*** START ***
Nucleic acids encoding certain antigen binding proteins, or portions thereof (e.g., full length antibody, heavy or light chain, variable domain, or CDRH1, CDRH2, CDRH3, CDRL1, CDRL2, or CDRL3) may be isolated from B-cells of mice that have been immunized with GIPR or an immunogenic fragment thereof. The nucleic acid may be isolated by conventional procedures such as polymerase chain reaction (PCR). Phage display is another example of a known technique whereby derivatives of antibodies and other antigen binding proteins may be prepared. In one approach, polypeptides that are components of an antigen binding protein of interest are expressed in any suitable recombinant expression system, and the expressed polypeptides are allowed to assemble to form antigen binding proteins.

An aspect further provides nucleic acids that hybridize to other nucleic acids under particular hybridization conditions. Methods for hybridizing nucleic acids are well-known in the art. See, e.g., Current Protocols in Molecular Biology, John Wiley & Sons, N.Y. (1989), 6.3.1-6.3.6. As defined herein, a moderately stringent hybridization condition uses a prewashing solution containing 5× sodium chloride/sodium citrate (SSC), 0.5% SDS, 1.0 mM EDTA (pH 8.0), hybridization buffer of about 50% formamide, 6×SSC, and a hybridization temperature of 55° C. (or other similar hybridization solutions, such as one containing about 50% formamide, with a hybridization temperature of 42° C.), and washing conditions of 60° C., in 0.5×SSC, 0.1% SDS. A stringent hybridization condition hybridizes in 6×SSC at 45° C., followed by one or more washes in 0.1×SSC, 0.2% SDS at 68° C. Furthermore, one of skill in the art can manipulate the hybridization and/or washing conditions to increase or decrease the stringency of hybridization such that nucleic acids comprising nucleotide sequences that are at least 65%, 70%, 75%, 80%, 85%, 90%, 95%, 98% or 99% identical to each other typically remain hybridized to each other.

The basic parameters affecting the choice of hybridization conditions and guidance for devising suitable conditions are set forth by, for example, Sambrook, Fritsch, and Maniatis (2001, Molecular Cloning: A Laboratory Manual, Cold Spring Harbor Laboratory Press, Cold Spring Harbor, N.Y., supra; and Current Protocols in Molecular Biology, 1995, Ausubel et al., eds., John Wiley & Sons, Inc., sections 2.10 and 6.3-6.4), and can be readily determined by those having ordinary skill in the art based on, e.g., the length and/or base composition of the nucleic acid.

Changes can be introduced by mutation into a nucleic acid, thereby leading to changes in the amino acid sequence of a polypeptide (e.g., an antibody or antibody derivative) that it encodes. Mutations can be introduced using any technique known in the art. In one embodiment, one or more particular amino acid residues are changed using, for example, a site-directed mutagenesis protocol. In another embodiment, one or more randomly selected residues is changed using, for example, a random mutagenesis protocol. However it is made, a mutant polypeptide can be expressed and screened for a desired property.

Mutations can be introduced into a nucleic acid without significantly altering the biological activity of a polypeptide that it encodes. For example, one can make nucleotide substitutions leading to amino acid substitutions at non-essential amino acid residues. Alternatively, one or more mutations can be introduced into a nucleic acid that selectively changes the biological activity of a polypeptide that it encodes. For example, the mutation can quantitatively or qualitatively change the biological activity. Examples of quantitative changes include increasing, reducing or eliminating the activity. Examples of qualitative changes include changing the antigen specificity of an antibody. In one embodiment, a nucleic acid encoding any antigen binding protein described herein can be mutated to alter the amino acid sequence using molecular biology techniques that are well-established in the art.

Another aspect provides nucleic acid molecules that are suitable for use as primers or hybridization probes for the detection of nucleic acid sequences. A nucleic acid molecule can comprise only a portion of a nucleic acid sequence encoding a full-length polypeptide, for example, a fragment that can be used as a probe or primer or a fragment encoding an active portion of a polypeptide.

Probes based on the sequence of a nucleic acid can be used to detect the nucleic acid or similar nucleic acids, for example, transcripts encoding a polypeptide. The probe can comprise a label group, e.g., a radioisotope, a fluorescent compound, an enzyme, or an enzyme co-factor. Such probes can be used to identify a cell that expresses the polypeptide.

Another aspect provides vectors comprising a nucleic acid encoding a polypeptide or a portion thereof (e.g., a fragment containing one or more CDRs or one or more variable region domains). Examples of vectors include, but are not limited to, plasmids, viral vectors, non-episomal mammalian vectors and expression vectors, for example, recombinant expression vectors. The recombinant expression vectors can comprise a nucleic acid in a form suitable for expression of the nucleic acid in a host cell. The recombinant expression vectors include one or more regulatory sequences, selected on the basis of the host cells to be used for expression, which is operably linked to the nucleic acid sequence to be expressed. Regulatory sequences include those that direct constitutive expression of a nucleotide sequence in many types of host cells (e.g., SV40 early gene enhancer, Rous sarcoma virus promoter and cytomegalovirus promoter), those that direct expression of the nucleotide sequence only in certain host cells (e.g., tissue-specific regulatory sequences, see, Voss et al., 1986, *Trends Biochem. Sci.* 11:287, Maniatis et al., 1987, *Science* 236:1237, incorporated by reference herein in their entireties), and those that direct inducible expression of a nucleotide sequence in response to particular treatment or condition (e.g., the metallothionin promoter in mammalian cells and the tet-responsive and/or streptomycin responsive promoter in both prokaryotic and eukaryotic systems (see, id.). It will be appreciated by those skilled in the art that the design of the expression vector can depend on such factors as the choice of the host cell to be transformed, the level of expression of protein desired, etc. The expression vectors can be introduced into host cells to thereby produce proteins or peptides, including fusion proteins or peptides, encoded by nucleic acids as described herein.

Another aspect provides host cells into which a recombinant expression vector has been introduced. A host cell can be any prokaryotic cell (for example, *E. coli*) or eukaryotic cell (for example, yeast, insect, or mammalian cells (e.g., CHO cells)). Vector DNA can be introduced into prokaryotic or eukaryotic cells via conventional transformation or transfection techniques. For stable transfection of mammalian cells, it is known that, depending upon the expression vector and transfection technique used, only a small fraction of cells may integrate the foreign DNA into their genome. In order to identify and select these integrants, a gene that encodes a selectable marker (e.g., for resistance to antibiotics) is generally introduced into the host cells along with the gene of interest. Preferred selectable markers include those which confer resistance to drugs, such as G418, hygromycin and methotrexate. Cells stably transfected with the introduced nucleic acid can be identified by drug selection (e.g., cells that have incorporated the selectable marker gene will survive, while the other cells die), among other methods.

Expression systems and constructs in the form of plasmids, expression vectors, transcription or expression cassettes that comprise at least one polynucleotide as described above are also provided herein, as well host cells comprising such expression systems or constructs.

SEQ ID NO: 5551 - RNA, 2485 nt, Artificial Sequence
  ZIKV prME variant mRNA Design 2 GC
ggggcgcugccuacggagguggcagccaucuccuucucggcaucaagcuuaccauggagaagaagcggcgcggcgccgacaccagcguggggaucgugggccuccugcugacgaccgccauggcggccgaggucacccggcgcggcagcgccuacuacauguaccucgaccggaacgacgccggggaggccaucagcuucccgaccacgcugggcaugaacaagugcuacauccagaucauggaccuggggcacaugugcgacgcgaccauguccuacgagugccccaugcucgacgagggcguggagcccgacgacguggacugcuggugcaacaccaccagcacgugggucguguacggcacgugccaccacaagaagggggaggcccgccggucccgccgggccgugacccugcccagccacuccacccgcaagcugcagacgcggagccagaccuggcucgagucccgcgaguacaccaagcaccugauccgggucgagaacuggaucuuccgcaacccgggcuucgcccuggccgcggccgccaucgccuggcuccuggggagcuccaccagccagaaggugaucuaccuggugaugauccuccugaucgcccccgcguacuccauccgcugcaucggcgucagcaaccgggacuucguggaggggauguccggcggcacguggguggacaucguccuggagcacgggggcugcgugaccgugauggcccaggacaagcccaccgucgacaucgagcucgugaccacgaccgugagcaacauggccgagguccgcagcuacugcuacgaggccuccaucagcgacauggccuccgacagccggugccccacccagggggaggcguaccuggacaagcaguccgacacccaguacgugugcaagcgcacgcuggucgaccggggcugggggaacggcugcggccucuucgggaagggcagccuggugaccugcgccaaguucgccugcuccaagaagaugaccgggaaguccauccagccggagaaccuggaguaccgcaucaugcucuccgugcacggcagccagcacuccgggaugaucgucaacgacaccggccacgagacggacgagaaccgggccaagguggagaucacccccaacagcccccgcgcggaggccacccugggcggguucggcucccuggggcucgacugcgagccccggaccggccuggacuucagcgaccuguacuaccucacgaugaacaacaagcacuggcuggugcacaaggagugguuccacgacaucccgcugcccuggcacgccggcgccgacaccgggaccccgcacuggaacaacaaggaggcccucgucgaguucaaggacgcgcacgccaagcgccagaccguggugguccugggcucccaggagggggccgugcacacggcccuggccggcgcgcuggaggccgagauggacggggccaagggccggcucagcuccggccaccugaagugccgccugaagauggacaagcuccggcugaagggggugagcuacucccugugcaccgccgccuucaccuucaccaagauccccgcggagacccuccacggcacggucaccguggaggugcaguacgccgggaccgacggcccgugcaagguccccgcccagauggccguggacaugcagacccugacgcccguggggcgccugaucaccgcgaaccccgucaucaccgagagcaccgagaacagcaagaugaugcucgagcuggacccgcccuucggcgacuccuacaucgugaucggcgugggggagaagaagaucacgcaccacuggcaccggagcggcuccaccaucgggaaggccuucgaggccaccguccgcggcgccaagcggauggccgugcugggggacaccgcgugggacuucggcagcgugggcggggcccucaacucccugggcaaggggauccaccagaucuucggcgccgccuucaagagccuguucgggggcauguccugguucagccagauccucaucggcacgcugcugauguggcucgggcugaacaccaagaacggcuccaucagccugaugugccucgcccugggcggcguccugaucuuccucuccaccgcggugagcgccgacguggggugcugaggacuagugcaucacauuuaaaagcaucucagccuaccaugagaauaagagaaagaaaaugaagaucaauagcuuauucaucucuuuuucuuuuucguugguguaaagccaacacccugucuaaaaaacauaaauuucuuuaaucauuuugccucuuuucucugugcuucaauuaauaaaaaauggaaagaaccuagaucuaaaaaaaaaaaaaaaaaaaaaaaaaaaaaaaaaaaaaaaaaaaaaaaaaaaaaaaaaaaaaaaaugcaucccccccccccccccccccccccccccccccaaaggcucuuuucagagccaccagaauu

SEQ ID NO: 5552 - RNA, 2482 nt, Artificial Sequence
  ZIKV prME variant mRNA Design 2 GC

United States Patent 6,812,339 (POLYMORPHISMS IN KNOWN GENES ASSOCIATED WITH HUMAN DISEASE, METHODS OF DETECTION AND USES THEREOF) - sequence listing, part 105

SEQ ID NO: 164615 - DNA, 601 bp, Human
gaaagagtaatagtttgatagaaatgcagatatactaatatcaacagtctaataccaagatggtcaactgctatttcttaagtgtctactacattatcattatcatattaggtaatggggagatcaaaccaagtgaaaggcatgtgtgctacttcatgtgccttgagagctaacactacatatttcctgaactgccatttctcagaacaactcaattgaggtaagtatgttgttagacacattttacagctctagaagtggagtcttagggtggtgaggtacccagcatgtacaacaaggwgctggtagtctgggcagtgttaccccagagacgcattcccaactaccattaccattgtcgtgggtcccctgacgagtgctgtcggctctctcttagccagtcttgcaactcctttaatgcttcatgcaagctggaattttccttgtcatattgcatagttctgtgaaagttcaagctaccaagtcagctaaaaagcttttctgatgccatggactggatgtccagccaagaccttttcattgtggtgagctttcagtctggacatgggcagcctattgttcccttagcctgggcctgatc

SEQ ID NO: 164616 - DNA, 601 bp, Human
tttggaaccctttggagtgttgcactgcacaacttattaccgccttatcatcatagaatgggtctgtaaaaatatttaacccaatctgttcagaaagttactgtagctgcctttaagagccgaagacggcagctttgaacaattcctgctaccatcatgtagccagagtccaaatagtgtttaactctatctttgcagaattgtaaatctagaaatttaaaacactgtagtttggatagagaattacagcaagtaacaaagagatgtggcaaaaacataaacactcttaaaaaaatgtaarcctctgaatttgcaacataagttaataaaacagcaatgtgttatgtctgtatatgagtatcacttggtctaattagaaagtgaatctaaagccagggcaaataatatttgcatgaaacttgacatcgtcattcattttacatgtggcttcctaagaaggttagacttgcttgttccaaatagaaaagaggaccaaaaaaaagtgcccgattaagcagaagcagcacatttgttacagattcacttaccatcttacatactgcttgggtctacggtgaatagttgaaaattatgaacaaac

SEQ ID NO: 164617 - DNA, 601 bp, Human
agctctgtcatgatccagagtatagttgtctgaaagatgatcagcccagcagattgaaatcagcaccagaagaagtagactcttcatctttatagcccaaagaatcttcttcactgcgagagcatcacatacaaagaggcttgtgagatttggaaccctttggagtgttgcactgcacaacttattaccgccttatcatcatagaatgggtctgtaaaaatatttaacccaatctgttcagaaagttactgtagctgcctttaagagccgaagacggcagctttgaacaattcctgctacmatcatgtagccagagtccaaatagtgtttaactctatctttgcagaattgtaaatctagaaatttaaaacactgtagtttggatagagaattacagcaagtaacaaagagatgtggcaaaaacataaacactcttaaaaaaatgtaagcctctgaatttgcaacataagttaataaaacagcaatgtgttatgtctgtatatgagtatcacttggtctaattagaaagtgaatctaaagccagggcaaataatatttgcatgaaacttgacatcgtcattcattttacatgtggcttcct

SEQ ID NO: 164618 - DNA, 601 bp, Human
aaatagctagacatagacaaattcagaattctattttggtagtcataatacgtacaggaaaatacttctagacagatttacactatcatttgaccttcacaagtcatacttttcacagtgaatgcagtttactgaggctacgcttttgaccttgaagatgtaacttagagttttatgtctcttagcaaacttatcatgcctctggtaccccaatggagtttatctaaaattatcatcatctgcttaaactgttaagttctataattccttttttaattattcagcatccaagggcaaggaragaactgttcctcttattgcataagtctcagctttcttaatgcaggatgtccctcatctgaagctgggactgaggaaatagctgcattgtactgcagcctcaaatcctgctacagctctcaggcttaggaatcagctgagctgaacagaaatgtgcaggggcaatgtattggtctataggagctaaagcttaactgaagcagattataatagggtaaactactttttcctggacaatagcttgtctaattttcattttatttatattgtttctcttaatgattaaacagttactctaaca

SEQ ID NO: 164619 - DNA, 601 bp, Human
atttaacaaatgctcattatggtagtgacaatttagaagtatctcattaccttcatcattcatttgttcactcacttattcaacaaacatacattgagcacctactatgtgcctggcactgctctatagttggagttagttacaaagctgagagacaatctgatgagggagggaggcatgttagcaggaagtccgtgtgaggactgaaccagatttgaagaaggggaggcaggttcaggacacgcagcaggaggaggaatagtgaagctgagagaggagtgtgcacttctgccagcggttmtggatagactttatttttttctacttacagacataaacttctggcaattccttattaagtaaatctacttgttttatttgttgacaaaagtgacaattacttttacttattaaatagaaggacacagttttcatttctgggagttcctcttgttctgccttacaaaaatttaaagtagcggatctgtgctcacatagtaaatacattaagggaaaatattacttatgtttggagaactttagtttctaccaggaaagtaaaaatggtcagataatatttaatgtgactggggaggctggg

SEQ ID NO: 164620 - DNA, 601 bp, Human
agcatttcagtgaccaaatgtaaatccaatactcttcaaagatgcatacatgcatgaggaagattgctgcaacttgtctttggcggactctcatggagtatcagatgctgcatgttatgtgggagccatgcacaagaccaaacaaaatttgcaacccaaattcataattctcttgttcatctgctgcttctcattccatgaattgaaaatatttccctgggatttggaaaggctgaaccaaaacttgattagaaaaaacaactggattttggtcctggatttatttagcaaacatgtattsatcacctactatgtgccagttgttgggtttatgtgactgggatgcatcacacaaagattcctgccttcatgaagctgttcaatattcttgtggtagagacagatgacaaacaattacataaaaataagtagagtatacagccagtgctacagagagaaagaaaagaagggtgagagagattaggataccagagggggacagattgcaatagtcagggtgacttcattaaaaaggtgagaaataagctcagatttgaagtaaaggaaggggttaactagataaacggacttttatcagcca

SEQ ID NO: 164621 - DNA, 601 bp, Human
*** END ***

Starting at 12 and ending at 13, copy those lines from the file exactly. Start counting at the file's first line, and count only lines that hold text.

  ZIKV prME variant mRNA Design 2 GC
ggggcgcugccuacggagguggcagccaucuccuucucggcaucaagcuuaccauggagaagaagcggcgcggcgccgacaccagcguggggaucgugggccuccugcugacgaccgccauggcggccgaggucacccggcgcggcagcgccuacuacauguaccucgaccggaacgacgccggggaggccaucagcuucccgaccacgcugggcaugaacaagugcuacauccagaucauggaccuggggcacaugugcgacgcgaccauguccuacgagugccccaugcucgacgagggcguggagcccgacgacguggacugcuggugcaacaccaccagcacgugggucguguacggcacgugccaccacaagaagggggaggcccgccggucccgccgggccgugacccugcccagccacuccacccgcaagcugcagacgcggagccagaccuggcucgagucccgcgaguacaccaagcaccugauccgggucgagaacuggaucuuccgcaacccgggcuucgcccuggccgcggccgccaucgccuggcuccuggggagcuccaccagccagaaggugaucuaccuggugaugauccuccugaucgcccccgcguacuccauccgcugcaucggcgucagcaaccgggacuucguggaggggauguccggcggcacguggguggacaucguccuggagcacgggggcugcgugaccgugauggcccaggacaagcccaccgucgacaucgagcucgugaccacgaccgugagcaacauggccgagguccgcagcuacugcuacgaggccuccaucagcgacauggccuccgacagccggugccccacccagggggaggcguaccuggacaagcaguccgacacccaguacgugugcaagcgcacgcuggucgaccggggcugggggaacggcugcggccucuucgggaagggcagccuggugaccugcgccaaguucgccugcuccaagaagaugaccgggaaguccauccagccggagaaccuggaguaccgcaucaugcucuccgugcacggcagccagcacuccgggaugaucgucaacgacaccggccacgagacggacgagaaccgggccaagguggagaucacccccaacagcccccgcgcggaggccacccugggcggguucggcucccuggggcucgacugcgagccccggaccggccuggacuucagcgaccuguacuaccucacgaugaacaacaagcacuggcuggugcacaaggagugguuccacgacaucccgcugcccuggcacgccggcgccgacaccgggaccccgcacuggaacaacaaggaggcccucgucgaguucaaggacgcgcacgccaagcgccagaccguggugguccugggcucccaggagggggccgugcacacggcccuggccggcgcgcuggaggccgagauggacggggccaagggccggcucagcuccggccaccugaagugccgccugaagauggacaagcuccggcugaagggggugagcuacucccugugcaccgccgccuucaccuucaccaagauccccgcggagacccuccacggcacggucaccguggaggugcaguacgccgggaccgacggcccgugcaagguccccgcccagauggccguggacaugcagacccugacgcccguggggcgccugaucaccgcgaaccccgucaucaccgagagcaccgagaacagcaagaugaugcucgagcuggacccgcccuucggcgacuccuacaucgugaucggcgugggggagaagaagaucacgcaccacuggcaccggagcggcuccaccaucgggaaggccuucgaggccaccguccgcggcgccaagcggauggccgugcugggggacaccgcgugggacuucggcagcgugggcggggcccucaacucccugggcaaggggauccaccagaucuucggcgccgccuucaagagccuguucgggggcauguccugguucagccagauccucaucggcacgcugcugauguggcucgggcugaacaccaagaacggcuccaucagccugaugugccucgcccugggcggcguccugaucuuccucuccaccgcggugagcgccgacguggggugcugaggacuagugcaucacauuuaaaagcaucucagccuaccaugagaauaagagaaagaaaaugaagaucaauagcuuauucaucucuuuuucuuuuucguugguguaaagccaacacccugucuaaaaaacauaaauuucuuuaaucauuuugccucuuuucucugugcuucaauuaauaaaaaauggaaagaaccuagaucuaaaaaaaaaaaaaaaaaaaaaaaaaaaaaaaaaaaaaaaaaaaaaaaaaaaaaaaaaaaaaaaaugcaucccccccccccccccccccccccccccccccaaaggcucuuuucagagccaccagaauu